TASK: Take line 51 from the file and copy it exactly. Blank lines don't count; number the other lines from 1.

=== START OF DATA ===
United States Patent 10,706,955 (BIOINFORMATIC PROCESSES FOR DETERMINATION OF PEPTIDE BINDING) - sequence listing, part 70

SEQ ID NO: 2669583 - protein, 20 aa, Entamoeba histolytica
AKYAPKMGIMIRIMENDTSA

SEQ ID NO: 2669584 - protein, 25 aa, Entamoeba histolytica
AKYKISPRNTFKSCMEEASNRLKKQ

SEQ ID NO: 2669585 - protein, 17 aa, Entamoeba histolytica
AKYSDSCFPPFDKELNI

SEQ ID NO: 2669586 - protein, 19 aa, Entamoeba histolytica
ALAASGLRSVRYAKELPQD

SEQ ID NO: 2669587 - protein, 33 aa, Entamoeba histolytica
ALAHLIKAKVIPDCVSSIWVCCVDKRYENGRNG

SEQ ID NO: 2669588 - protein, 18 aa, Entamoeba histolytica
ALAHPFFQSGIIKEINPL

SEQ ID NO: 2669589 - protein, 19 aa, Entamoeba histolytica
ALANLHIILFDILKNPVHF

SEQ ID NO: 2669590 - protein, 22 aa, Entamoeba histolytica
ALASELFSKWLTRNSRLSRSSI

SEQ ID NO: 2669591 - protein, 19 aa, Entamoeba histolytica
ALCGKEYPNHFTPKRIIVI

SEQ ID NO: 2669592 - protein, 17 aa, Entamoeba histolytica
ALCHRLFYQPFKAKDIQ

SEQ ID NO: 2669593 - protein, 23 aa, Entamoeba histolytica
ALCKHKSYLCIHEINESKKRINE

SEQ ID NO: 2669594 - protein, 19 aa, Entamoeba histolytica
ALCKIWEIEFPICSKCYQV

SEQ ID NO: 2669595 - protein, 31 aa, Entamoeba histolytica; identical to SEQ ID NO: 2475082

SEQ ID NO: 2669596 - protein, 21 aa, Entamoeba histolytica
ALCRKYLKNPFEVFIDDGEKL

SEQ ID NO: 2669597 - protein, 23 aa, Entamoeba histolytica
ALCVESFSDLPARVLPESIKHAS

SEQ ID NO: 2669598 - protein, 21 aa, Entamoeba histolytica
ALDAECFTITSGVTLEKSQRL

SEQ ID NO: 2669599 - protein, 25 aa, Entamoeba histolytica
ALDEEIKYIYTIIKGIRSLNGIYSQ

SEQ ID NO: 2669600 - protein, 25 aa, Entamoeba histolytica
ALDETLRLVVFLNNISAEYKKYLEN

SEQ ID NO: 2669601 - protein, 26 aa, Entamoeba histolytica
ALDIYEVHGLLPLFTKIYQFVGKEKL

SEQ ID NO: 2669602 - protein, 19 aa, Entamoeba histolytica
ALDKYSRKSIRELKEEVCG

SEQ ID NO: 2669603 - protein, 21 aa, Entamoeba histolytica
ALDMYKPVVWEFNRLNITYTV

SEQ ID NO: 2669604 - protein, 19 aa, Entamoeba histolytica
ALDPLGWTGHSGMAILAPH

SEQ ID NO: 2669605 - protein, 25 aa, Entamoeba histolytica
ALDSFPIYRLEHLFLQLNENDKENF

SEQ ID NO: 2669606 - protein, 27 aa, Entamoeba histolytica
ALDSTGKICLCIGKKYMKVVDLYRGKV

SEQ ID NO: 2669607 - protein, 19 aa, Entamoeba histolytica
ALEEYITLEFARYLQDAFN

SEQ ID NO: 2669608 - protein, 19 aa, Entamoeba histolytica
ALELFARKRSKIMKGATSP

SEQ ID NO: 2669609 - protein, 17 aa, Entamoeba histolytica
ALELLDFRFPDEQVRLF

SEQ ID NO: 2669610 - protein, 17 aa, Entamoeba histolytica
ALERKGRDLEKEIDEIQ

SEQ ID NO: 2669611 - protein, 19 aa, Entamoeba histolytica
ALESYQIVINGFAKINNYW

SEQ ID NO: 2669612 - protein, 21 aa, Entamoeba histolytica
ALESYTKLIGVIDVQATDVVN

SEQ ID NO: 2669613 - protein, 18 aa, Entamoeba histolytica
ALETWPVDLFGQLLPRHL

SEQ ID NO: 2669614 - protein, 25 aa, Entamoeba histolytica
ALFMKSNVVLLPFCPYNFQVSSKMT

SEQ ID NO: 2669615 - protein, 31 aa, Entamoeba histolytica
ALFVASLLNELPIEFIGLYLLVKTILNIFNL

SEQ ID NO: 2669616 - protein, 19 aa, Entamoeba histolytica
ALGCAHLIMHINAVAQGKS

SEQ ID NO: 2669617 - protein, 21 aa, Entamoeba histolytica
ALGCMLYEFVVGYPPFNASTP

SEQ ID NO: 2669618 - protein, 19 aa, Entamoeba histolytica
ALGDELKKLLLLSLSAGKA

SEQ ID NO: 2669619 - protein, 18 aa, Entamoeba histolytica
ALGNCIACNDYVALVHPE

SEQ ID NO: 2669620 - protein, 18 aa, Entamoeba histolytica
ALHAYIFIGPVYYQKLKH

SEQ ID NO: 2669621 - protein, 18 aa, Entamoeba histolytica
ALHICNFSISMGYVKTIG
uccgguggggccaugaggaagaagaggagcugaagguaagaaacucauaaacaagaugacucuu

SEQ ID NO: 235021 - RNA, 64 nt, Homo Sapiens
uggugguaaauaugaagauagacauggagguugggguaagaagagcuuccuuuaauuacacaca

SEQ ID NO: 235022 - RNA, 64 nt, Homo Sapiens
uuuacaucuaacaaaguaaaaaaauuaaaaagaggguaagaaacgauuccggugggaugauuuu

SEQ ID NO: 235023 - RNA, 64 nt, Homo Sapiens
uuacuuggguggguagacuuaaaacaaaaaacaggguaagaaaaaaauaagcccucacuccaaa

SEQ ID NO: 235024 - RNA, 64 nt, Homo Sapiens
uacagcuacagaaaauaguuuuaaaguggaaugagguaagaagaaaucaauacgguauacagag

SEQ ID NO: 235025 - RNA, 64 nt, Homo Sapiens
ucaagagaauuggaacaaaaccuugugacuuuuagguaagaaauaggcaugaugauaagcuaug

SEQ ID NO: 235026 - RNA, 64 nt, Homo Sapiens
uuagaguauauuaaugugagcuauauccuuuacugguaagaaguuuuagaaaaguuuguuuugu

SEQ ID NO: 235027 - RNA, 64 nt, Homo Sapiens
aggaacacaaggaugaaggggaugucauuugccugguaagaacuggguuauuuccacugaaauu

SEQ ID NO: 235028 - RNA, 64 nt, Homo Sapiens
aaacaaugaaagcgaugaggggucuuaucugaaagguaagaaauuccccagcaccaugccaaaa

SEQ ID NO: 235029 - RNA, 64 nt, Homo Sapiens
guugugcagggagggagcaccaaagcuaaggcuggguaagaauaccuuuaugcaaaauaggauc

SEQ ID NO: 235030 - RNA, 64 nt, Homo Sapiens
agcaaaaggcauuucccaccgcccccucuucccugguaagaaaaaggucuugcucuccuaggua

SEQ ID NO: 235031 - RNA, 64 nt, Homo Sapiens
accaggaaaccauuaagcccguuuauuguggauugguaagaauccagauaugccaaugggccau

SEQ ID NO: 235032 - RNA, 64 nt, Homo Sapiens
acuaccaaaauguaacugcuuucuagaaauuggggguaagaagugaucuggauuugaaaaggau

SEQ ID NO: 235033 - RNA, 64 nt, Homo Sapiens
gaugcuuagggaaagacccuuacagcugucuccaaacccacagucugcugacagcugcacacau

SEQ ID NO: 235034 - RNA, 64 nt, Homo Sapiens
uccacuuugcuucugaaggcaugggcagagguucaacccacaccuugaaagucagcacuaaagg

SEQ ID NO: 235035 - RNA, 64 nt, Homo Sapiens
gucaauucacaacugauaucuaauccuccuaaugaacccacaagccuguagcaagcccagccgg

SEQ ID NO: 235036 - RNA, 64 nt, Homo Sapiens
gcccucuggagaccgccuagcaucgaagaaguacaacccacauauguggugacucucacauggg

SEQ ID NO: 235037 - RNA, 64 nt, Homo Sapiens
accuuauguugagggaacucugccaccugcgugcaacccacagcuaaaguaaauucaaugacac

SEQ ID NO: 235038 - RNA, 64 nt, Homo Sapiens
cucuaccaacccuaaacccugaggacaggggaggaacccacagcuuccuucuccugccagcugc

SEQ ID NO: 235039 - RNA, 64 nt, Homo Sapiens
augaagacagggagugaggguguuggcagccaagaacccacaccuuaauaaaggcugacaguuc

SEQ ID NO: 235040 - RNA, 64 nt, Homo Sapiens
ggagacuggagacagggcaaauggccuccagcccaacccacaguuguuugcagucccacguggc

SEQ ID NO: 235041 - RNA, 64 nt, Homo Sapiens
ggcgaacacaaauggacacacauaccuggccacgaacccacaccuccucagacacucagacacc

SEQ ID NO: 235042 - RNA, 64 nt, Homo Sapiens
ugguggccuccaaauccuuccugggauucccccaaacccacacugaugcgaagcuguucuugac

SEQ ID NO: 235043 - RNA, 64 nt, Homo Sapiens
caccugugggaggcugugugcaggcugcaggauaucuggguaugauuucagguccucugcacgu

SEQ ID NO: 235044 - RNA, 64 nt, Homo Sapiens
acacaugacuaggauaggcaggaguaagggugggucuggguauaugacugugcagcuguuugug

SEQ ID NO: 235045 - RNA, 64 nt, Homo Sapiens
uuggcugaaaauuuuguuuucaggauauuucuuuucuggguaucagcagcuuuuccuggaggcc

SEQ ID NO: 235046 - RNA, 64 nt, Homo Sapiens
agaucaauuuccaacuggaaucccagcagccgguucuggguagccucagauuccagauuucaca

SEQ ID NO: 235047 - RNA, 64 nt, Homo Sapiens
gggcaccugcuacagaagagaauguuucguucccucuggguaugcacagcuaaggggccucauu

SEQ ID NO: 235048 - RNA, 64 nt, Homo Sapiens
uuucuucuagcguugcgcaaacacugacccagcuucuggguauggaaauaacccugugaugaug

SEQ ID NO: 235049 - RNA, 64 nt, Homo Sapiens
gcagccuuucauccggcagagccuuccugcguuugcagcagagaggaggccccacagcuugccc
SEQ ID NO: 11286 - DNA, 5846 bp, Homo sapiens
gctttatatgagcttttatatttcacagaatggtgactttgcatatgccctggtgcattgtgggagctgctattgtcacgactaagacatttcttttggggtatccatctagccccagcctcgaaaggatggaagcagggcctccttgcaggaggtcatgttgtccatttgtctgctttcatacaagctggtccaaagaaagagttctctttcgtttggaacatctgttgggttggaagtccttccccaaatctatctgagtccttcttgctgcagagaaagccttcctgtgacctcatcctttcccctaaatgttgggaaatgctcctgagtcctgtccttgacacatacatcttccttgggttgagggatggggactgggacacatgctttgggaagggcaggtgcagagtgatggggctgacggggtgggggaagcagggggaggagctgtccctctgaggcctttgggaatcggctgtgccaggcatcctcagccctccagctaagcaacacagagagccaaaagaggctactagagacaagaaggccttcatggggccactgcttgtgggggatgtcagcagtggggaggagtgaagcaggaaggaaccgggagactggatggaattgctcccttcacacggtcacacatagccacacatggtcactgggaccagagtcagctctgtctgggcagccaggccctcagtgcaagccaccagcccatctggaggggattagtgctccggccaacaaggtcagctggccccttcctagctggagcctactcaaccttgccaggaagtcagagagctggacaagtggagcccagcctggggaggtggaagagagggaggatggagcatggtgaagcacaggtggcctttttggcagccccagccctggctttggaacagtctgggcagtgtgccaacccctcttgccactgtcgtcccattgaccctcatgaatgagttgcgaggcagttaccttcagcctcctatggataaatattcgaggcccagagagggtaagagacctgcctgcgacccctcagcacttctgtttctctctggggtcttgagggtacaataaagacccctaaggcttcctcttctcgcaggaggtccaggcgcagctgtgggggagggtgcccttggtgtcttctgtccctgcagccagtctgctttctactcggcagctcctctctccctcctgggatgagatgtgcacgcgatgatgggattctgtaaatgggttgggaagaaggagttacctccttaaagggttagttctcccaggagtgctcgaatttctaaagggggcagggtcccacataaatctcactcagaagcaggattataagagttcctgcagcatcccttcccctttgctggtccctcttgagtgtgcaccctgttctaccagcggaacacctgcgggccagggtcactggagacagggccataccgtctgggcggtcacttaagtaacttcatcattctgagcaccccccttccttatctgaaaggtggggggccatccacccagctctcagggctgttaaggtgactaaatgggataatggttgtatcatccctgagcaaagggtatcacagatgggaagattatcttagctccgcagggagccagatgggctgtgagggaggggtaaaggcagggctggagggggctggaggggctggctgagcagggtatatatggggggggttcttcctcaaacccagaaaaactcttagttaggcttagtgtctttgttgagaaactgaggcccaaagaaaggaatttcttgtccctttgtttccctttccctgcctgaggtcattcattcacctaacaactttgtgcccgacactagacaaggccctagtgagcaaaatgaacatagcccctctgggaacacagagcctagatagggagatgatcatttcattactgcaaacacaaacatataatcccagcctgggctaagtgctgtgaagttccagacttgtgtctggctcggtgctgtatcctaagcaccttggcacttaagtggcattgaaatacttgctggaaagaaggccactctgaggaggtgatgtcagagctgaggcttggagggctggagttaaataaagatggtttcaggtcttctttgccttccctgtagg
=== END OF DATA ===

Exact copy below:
SEQ ID NO: 2669608 - protein, 19 aa, Entamoeba histolytica